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(Extending the proposed schemes for variable PDU lengths can be easily done. This has been shown in Figure 1. II. An active UGS source s is assumed to generate Us packets per frame. streamed video or audio. we propose using conservative CAC for highest priority rtPS sources (with zero excess delay requirements) and non-conservative CAC for the other (lower priority) rtPS sources which can tolerate higher excess delays.) We consider two strategies for CAC: Conservative and Non-Conservative. the rtPS application must be one which can tolerate some packet loss. access delays cannot be guaranteed. Bandwidth Allocation Once admitted into the system. Section V concludes the paper. Here λi. C. L rtPS and M nrtPS sources already present in the system and let C be the maximum number of packets that can be carried in a frame. For call admission in the above scenario. Each rtPS source specifies both the mean and maximum number of packets it generates per frame. The Conservative CAC ensures that all UGS and rtPS packets arriving during frame j will be transmitted in frame j+1. The packet transmission requests of UGS and rtPS are satisfied on a per frame basis while that of nrtPS are satisfied on a long term basis. Hence packets accumulating over a frame at a SS can only be transmitted from next frame onwards. Each nrtPS source specifies the mean number of packets it generates per frame.16 SYSTEM A WiMAX system contains at least one Base Station (BS) and many Subscriber Stations (SSs) each having a unique MAC address. However. The bandwidth allocation is done in the order of Pi. IEEE 802. the condition on accommodating the maximum rtPS traffic in one frame and admit a rtPS flow even if only (1) is met. We assume all PDUs (packets) to be of the same size for modeling convenience. what is left after UGS and rtPS allocation) among the M nrtPS connections. A particular queue Qi is subdivided into i+1 parts P0 to Pi. Time-Division-Multiple-Access (TDMA) is used by SSs on the uplink to transmit back to the BS in specific allocated time slots. Conservative CAC This aims to guarantee the QoS for UGS. Hence we waive (2). In the UL contention period. Non-Conservative CAC Here. We consider the centrally controlled IEEE 802. NRm for nrtPS source m. To fairly allocate the remaining resource packav (i. e. A. where the packets entering Qi are from rtPS sources which can tolerate upto i frames of excess delay. In the TDD/TDMA technique the transmissions are divided into frames (in time) with each frame further divided into uplink and downlink sub frames. i= 1… M.16 protocol (though our proposed scheme can be easily extended for Mesh mode operation). A new nrtPS source must still meet (3) to be admitted. a rtPS packet need not be carried in the immediate next frame. III.16 handles QoS of real time applications like VoIP. collisions might occur as when two or more SSs place their request PDUs in the same minislot. We label the sources from 0 to N-1. Each sub frame consists of number of time slots which are dynamically assigned to SSs in the uplink sub frame by the BS based on the requests received from them.e. Packets belonging to Pl of each queue can be transmitted over the next l frames and will be discarded thereafter. packets are the respective demands in the current frame of each We consider a single BS serving multiple connections from SSs through a TDMA/TDD access mode. with assignments of unsolicited bandwidth grants and polling.g. rtPS and nrtPS traffic. After each subsequent frame. There are two ways to contend for a transmission opportunity either to transmit in periodic intervals or to contend with the other SSs transmitting request for grants. i. Lower the i higher the priority. In case of same index i. index of corresponding queue considered. Video on demand etc. Because of this contention based access.resource allocation algorithm developed by us. The terms bandwidth and capacity are used interchangeably for the number of PDUs that can be transmitted in one uplink subframe. PROPOSED RESOURCE ALLOCATION AND CALL ADMISSION SCHEMES rtPS Source: A new rtPS source (Rnew. Rl & Rlmax for rtPS source l. Based on the above formulation. IEEE 802. A SS may establish multiple connections with BS where each connection is identified by a 16-bit Connection Identification Number (CID). the following algorithm is used. the packets not transmitted in each queue will be transferred from Pl to Pl-1 for l=2 to K. i. the packets arriving from rtPS sources which can tolerate up to K frames of excess delay will enter the queue QK and will be kept in PK from next frame. A discrete time Markov chain based analysis is also presented and the corresponding analytical and simulation results are compared in Section IV. Rnewmax) is admitted if ∑ s =1 S S Us + Us + ∑ ∑ NR Rl + l =1 L m=1 L M m + Rnew ≤ C (1) and ∑ s =1 S s =1 ∑R l =1 L l max + Rnew max ≤ C M (2) nrtPS Source: A new nrtPS source (NRnew) is admitted if ∑ Us + ∑ l =1 Rl + ∑ NR m=1 m + NRnew ≤ C (3) B.e.e. The conditions for admitting a new rtPS or nrtPS source are: 523 . Let there be S UGS sources. Either TDD or FDD method are used for transmissions. We consider a generic system which has N different types of rtPS sources differentiated on the basis of the maximum excess delay (the mean delay excluding the inherent one frame delay) that they can tolerate. This system will have J separate queues Q0 to QJ-1 (J≤N) where the new arrivals from the corresponding N sources would enter. the connections (UGS/rtPS/nrtPS) are allocated resources in the priority UGS>rtPS>nrtPS.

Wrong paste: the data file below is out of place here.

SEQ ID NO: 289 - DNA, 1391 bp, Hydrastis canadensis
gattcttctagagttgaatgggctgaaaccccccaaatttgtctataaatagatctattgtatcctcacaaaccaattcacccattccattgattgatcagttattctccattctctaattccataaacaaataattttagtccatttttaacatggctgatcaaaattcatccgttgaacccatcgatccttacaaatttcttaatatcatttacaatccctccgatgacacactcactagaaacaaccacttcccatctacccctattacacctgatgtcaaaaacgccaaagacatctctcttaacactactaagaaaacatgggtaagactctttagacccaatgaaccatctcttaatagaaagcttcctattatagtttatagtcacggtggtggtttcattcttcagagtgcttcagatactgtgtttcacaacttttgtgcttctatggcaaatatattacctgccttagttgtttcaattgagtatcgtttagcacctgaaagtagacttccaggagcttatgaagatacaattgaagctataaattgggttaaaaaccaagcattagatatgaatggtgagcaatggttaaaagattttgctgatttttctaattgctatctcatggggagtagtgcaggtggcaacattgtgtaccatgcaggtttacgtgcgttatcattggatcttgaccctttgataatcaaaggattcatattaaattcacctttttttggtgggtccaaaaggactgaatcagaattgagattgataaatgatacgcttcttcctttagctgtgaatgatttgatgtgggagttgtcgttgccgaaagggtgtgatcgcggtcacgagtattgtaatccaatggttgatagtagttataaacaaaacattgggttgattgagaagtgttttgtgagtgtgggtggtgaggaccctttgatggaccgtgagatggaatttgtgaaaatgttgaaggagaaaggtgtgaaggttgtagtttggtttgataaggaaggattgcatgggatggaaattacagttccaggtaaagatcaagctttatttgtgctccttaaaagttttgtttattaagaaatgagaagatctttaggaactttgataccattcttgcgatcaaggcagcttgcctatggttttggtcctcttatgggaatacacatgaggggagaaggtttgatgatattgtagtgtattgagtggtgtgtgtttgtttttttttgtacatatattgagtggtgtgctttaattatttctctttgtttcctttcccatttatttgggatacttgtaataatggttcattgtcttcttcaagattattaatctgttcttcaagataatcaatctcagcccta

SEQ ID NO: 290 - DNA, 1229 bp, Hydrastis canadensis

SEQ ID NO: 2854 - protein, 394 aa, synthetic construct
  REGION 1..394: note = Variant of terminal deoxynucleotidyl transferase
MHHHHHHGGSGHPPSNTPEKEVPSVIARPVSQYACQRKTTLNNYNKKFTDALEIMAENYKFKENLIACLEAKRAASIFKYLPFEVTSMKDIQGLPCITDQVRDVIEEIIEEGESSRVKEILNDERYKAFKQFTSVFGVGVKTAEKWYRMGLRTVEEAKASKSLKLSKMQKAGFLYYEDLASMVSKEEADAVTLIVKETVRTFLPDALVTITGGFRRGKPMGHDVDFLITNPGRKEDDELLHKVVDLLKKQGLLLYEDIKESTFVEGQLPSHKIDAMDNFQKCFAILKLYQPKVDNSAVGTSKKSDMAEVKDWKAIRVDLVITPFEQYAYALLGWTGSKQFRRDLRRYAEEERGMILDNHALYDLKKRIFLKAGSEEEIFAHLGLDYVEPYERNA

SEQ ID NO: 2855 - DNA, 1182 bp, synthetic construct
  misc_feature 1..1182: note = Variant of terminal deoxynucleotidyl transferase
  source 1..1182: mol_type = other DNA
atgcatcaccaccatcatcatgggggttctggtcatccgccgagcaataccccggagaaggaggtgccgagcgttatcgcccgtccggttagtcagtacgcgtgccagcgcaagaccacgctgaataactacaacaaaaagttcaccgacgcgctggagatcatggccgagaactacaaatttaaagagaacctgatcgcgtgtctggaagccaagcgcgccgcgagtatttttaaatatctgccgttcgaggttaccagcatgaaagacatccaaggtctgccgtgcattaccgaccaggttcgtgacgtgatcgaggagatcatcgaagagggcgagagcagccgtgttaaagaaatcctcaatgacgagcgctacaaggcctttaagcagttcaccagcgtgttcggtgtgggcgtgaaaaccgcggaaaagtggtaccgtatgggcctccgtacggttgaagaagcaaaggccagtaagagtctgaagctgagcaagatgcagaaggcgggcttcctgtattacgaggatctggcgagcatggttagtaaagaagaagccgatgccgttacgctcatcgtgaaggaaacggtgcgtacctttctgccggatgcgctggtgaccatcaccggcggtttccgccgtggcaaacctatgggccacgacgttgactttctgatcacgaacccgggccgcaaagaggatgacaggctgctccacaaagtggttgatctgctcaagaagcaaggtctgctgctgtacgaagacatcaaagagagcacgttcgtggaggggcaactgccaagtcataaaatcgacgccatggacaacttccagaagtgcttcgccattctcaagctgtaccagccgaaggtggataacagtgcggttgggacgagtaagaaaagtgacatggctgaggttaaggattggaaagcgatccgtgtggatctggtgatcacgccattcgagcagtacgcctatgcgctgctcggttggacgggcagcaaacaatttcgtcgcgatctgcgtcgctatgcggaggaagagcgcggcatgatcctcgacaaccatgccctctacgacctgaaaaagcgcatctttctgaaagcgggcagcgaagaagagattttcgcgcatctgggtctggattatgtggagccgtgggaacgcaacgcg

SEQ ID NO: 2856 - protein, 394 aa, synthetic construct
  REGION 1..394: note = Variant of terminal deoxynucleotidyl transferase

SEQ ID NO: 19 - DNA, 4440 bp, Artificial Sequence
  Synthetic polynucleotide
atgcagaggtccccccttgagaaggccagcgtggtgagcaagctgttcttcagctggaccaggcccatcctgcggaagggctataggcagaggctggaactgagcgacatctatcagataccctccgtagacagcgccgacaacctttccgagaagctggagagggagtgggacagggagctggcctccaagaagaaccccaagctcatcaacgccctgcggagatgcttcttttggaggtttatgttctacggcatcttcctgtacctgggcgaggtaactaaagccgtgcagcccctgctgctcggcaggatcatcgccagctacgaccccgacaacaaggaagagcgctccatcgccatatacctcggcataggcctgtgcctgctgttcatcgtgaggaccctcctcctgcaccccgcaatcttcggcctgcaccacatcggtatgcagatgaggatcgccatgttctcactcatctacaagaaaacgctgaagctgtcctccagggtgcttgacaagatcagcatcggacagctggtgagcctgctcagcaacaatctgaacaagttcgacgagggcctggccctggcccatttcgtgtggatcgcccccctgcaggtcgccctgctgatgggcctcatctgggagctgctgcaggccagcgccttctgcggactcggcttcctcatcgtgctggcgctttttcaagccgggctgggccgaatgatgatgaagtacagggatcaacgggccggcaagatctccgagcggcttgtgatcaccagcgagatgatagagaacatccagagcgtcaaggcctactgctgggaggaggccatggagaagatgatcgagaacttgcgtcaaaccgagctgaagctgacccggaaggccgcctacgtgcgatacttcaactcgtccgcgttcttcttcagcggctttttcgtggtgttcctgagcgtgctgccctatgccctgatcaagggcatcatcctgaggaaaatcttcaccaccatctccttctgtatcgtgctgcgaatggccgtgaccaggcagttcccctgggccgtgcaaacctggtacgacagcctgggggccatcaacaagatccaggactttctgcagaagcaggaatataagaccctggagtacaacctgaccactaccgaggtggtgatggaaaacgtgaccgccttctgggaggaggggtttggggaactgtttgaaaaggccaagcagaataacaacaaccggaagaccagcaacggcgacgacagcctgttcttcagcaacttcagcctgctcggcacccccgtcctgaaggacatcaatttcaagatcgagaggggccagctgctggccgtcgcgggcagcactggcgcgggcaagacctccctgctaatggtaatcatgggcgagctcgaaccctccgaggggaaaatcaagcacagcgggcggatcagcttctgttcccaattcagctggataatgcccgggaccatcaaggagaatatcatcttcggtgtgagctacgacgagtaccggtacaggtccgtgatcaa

i i ⎟ (9) +1 ⎜ i ⎜ ⎟ n =1 ⎝ ⎠⎠ ⎝ ∑ Figure 1: Priority Structure The above algorithm allocates resources fairly to the nrtPS connections by distributing the available resource in proportion to their mean requirements as different nrtPS connections have different arrival rates of packets with different means. if any. N i ) be the system state at the end of frame i where N inr is the number of where P is the total number of rtPS and nrtPS packets that can be carried in a frame (i. 2. We first study the general case where rtPS packets can be buffered for one or more frames. max ⎜ 0. i =1…M.. 7.i .i .i are those MPDUs in the rtPS queue which will be discarded if not transmitted within the next l+1 frames. (Due to lack of space. Discrete-time Markov chain is used to analyze the system and to calculate the average delay of MPDUs and mean losses.m are computed as follows. 4. P − ⎜ ⎜ ⎝ ⎝ ∑ ⎞ ⎞ r ⎟ ⎟ Nn . 2 considers the general case where a rtPS packet can be buffered for a maximum of K r r nr frames before it is discarded. the state descriptor will be ( N1. are their mean requirements (which are to be met on a long term basis).i +1 = max ⎜ N r l +1.nm ∑∑ π n = 0 m =0 ∞ ∞ n.m =1 (10) We compute LossR as the average number of packets discarded per frame for rtPS packets and the mean delay DN for nrtPS packets as follows. Algorithm for Bandwidth Allocation in a frame 1.i . j Pij . K > 1 ⎜ ⎜ ⎟ n = 1 ⎝ ⎠ ⎠ ⎝ λi = λi − λav − i . i . j (12) 524 . the state at the end of the i+1 frame can be found as l ⎛ ⎛ ⎞ ⎞ r ⎟ ⎟ Nlr. The K=1 Non-Conservative CAC is studied further through subsequent analysis and simulations.. Let ( N K . 5. LossR = i = P +1 j = 0 ∑ ∑ (i − P)π ∑∑ jπ i =0 j =0 ∞ ∞ i. D. the individual rtPS and nrtPS queues merge into a global rtPS queue and a global nrtPS queue respectively at the BS. Steps 47 iteratively allocate resources unused by connections which demand less to connections which demand more. capacity excluding the UGS packets). ∑λ i =1 prop −i λav − i = ( packav × λ prop −i ) / λtot for i = 1… M λinit − i = λi for i = 1… M Check if packav > 0 and λtot > 0. if i=M GOTO 2 END λalloc −i = λinit − i − λi for i = 1… M ∑ ⎛ ⎛ = max ⎜ rai − max ⎜ 0.P − ⎟⎟ Ninr N nra min N ra = + − − i i +1 n. 3.i . 9. π n.m = ∑∑ i =0 j =0 ∞ ∞ ∞ ∞ π i . packav = packav + (λav −i − λi ) and λi = 0 else 8. 6.. j (11) NN = i. N i ) as per our earlier notation.nrtPS connection and NRi. Analytical Model We study the analytical model of the system with only single priority rtPS sources.) The equilibrium state probabilities πn.j)→(k.. Given the arrival distribution in a frame for each rtPS and nrtPS queue. N1. P − Nn . It can then be used to calculate the transition probabilities of the Markov Chain assuming that service is provided in a FCFS manner for K-frame buffering. if λ prop −i > 0 and λi > λav −i then set Following the conventions defined earlier.i − max ⎜ 0. Fig. K − 1. The transition probability Pij. these details are not given here. A PMP network where the generated traffic stays within the network is considered. .. in the system..0 ⎟ ⎟ n =1 ⎠ ⎠ l l=K (8) K ⎛ ⎛ ⎞⎞ nr r ⎜ N nr .kl for the (i. in a proportionally fair manner until either there is no available resource to allocate or there are no unmet demands left.l) transition may be found by considering each transition event.. For allocation by the BS.e. the arrival distribution to the global rtPS and nrtPS queues can be found. otherwise GOTO 8 SET packav = 0 and λtot = 0 For each i = 1… M if λ prop −i > 0 and Figure 2: Transitions with K frame buffering for rtPS packets λi ≤ λav −i then set λ prop −i = 0 . SET λ prop −i = NRi for i = 1… M SET λtot = M MPDUs in the nrtPS queue and Nlr. Note that for this K=1 r nr case..0 ⎟ l = 1.

This occurs because the one frame buffering case allows more rtPS traffic to be carried by the system – part of which may otherwise be lost when K=0. Multiple priority rtPS sources For our performance studies. Each SS is associated with a single type of connection (UGS/rtPS/nrtPS) on the UL. The total number of requests from all UGS connections is fixed at 15 packets per frame so that a maximum of 45 rtPS and nrtPS packets can be carried in a frame. This is shown in Fig. the infinite Markov Chain of Section III is truncated to a finite one which is large enough so that increasing it further does not change the numerical results significantly. This makes this CAC a practical choice in a real system where the rtPS channels are being used for multimedia applications.e. For simulations. With just one frame buffering. The number of nrtPS sources is fixed at 4 while the number of rtPS sources is varied as per what is allowed by non conservative CAC. 4 which plots the mean excess rtPS delays. this will be at the most one frame period more and may be tackled easily by adjusting the playback delays at the respective destinations. 3 of type 1 and 4 of type 2 rtPS sources. a discrete-event simulator was run until statistically significant results have been obtained. 1 (type 1) or 2 (type 2) frames of excess delay.4] to ~U[3. the NonConservative CAC has a low enough packet loss to be acceptable for typical multimedia applications but will allow the system to accommodate more rtPS sources than the Conservative CAC.e. there is evident differentiation between the excess delays of type 1 and type 2 rtPS sources in accordance with the priority structure assigned in bandwidth allocation.13] and that of type 2 rtPS sources from ~U[0. Single priority rtPS sources We simulate a WiMAX PMP scenario with single BS and variable number of SSs.10] to ~U[3. a nrtPS source generates packets with distribution ~U[0. the rtPS packets that cannot be carried in the next frame are lost) and (b) one frame buffering (i. It may also be noted that the analytically obtained results are very close to the simulation results with some deviations only at very high traffic loads. The mean arrival rate of type 1 and type 2 rtPS sources are varied according to what is allowed by the CAC. B. ANALYTICAL AND SIMULATION RESULTS The proposed CACs and resource allocation algorithm have been studied through analysis and simulations. The one frame buffering does increase the mean rtPS delay. rtPS packets can be buffered and tried for one more frame). K=1. Figure 3 shows the average nrtPS delays for K=0 and 1 with varying normalized maximum rtPS traffic. Here in each frame. There are 2 type 0 rtPS sources. IV. ones which can tolerate either 0 (type 0). As expected. 525 . For analytical computations. We consider two cases (a) no frame buffering (i. We first present the results for a system containing only single priority rtPS sources and later analyze the effectiveness of the proposed priority structure for rtPS sources with differential QoS requirements. increasing the rtPS traffic increases the nrtPS delay since system load increases. 4] whereas a rtPS source generates packets with ~U[0. Each type 0 rtPS source has a mean arrival rate of 15 packets per frame with distribution ~U [0.e. The above generic analytical model can be modified for the case where no buffering is allowed for rtPS sources. The state transition is similar to equation (9) with K being 0. Figure 5 shows the mean excess delay of rtPS sources of type 1 and type 2 with varying traffic intensities where the ordered pair on the plots shows the respective mean arrival rates of respective sources at particular traffic intensity. we consider a system with three types of rtPS sources. Assume that the maximum number of packets of rtPS and nrtPS sources (excluding the UGS) that can be carried in a frame is fixed at 75. from K=0 to K=1).7]. Our studies focus on the rtPS and nrtPS flows as UGS traffic gets a fixed number of packets in the UL of each frame and the BE traffic gets essentially what remains unused in UL.6. In Figure 5 the varying traffic intensities (normalized traffic load) are obtained by varying the distribution of type 1 rtPS sources from ~U[0.1 to 1. The state descriptor of Markov chain at the end of the frame i is Ninr.DN = NN λnr (13) UGS traffic) ranges from 1. 10]. Figure 3: Average nrtPS delays with varying maximum rtPS traffic A. Our results also show that as the ratio of maximum rtPS traffic to maximum available capacity (after taking care of the fixed It is clear that the packet loss is drastically reduced by merely incorporating one-frame buffering in Non-Conservative CAC. The nrtPS and rtPS packets are assumed to be of equal length of 100 bytes at UL data rate of 10 Mbps. K=0. As seen in this figure.e. Note that the maximum rtPS traffic may be higher than the capacity in this case as the CAC only takes the mean traffic into account. i. all being lesser than 1 frame. The total number of packets that can be carried in a UL subframe is set at 60 with the 10 ms frame divided equally between up-link and down-link. 30]. the number of packets in the global nrtPS queue. 4. The nrtPS delays are higher when the frame buffering of rtPS is increased (i. However. the rtPS packet loss ranges from approximately 10-2 to nearly 1 for K=0 but is merely 10-14 to 10-6 for K=1 as shown in Fig.